Introducing Hunch

One of the activities for the first week of the lak11 MOOC is to get started with using Hunch and reflect on it as a model for learning.

What is Hunch?

From the Hunch about page it is an application of machine learning to provide recommendations to users about what might be of interest to them on the web. It’s the work of a bunch of self-confessed MIT “nerds”.

Using Hunch

Creating an account on Hunch starts with logging in with either a Facebook or Twitter account. Went with Twitter. Some of the other LAK11 participants have queried the privacy question with this and then answering the questions.

The site now asks a range of questions using a fun (ish) approach using photos, increasing interest somewhat. It also provides feedback on what others have answered.

As others have noted there is a North American cultural bias to the questions.

Interesting, only 4% of respondents said they didn’t have a Facebook account.

After answering a few more than the minimum 20, Hunch presents a selection of recommendations. In this case five recommendations each for magazines, TV shows and books. I’m assuming that the categories of answers were also based on my answers. the recommendations are all good or close matches. All three categories included examples I had read/watched and enjoyed.

So, it appears that Hunch is designed with badges to earn as you use the site more, provide more information. There are other features sought to encourage connections and feedback between users. After all that would appear to be the currency that Hunch needs to generate its recommendations. The more connections, the better the math, the better the recommendations.

And perhaps that is the problem. I don’t feel the need for a site like Hunch to get the recommendations I want. I already have strategies, social networks and information sources that I use. I can’t see myself expending the effort on this sort of site. The question that is how many others might be bothered to provide this information?

That said, it does appear to be working fairly well already.


After using Hunch, the LAK11 syllabus asks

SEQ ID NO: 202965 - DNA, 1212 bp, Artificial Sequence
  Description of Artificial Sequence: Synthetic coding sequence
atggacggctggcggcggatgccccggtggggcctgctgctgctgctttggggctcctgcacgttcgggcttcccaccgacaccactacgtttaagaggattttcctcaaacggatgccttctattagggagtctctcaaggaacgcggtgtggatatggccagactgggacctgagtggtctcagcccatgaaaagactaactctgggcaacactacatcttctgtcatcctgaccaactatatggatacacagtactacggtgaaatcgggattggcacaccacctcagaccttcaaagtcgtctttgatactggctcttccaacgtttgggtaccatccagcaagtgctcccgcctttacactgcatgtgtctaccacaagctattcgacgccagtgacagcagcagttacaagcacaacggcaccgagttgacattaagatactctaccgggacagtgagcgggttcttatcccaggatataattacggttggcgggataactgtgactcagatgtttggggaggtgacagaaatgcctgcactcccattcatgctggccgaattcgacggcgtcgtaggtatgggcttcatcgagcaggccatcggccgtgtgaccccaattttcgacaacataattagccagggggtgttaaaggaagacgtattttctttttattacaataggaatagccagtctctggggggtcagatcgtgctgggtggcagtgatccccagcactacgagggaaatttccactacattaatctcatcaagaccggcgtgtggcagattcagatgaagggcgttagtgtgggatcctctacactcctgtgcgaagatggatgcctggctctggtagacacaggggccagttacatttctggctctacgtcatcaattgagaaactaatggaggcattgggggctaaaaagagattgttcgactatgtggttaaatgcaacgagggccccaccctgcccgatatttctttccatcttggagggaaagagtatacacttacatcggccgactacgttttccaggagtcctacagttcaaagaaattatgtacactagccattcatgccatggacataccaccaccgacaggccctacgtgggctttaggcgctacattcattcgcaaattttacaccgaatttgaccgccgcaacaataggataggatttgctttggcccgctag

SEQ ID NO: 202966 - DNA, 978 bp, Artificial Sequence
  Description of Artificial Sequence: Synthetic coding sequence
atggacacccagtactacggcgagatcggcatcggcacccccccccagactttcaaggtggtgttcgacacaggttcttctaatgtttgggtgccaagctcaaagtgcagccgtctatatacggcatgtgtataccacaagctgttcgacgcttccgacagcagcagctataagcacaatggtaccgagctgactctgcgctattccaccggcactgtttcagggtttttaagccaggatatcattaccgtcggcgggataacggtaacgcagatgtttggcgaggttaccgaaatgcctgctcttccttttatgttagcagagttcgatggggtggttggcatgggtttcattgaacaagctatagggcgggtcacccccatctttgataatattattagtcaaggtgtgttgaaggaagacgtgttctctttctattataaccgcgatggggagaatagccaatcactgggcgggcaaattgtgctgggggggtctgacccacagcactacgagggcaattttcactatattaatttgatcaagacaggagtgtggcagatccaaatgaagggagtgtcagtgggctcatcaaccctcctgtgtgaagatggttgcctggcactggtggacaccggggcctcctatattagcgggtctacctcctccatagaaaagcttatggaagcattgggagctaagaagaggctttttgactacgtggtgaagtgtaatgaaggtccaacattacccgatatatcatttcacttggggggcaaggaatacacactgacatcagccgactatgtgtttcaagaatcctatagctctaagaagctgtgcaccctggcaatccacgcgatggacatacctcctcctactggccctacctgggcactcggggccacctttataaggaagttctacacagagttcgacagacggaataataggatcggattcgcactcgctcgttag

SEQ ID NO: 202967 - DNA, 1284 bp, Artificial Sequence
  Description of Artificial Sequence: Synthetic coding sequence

What are your reactions? How can this model be used for teaching/learning?

and suggests sharing views in the discussion forum. I’m going to reflect here first and then check the discussion forum. Mainly because the following will be more stream of consciousness dumping than well-considered insight.

The obvious academic question to ask is what is meant by teaching/learning. Most of my experience has been/will be with more formal areas of learning and teaching and thus my reflections are likely to be coloured/biased by that experience.

My first observation (taking the viewpoint of a teacher) would be that any additional information about my students would be useful. Especially if a system like Hunch was able to provide useful recommendations. Such recommendations would be useful to the students as well, but I wonder how much freedom they would have to take up those recommendations within a formal educational setting. It would seem that what freedom does exist, lays with the teaching staff.

Such information in a L&T situation might feel somewhat similar to some of the learning style surveys that are around. Similarly, I wonder how much these type of things would reinforce existing categories/beliefs, rather than offering new paths or opportunities.

Am feeling that I’m somewhat ill-informed about the nature and capabilities of Hunch and thus somewhat ill-informed to reflect on its applicability to learning and teaching. Drawing some conclusions from the little I know means that they are building models based on answers to the questions. Then comparing that with models of the items/recommendations to come up with matches.

I wonder how difficult building these models would be for learning and teaching. It’s my understanding that disciplines such as physics have built fairly complex conceptual models of the domain, in particular for undergraduate studies. But it’s also my belief that the construction of such models was a fairly resource intensive task. Will the resource intensive nature make it difficult to implement a L&T focused Hunch? Then making the connections between other models would seem difficult. Hunch after all hasn’t handled the cross-cultural aspects all that well (probably was designed to retain the North American emphasis) and operates in an area (commercial products and services) in which there has been a lot of research and a lot of commercial interest/resources.

From the perspective of an motivated learner, a L&T flavoured Hunch could be very useful. But what percentage of learners would use such a system? e.g. given my reservations about using the current Hunch. Especially given that Hunch relies somewhat on the contributions the users make to the system. Given the limited percentage of folk that contribute content to social networking sites this is likely to limit a L&T flavoured Hunch even further.

This perhaps sums up my cynical view of the difficulty of effectively and appropriately applying analytics in L&T.

Let’s see if the Moodle discussion forum has more positive contributions.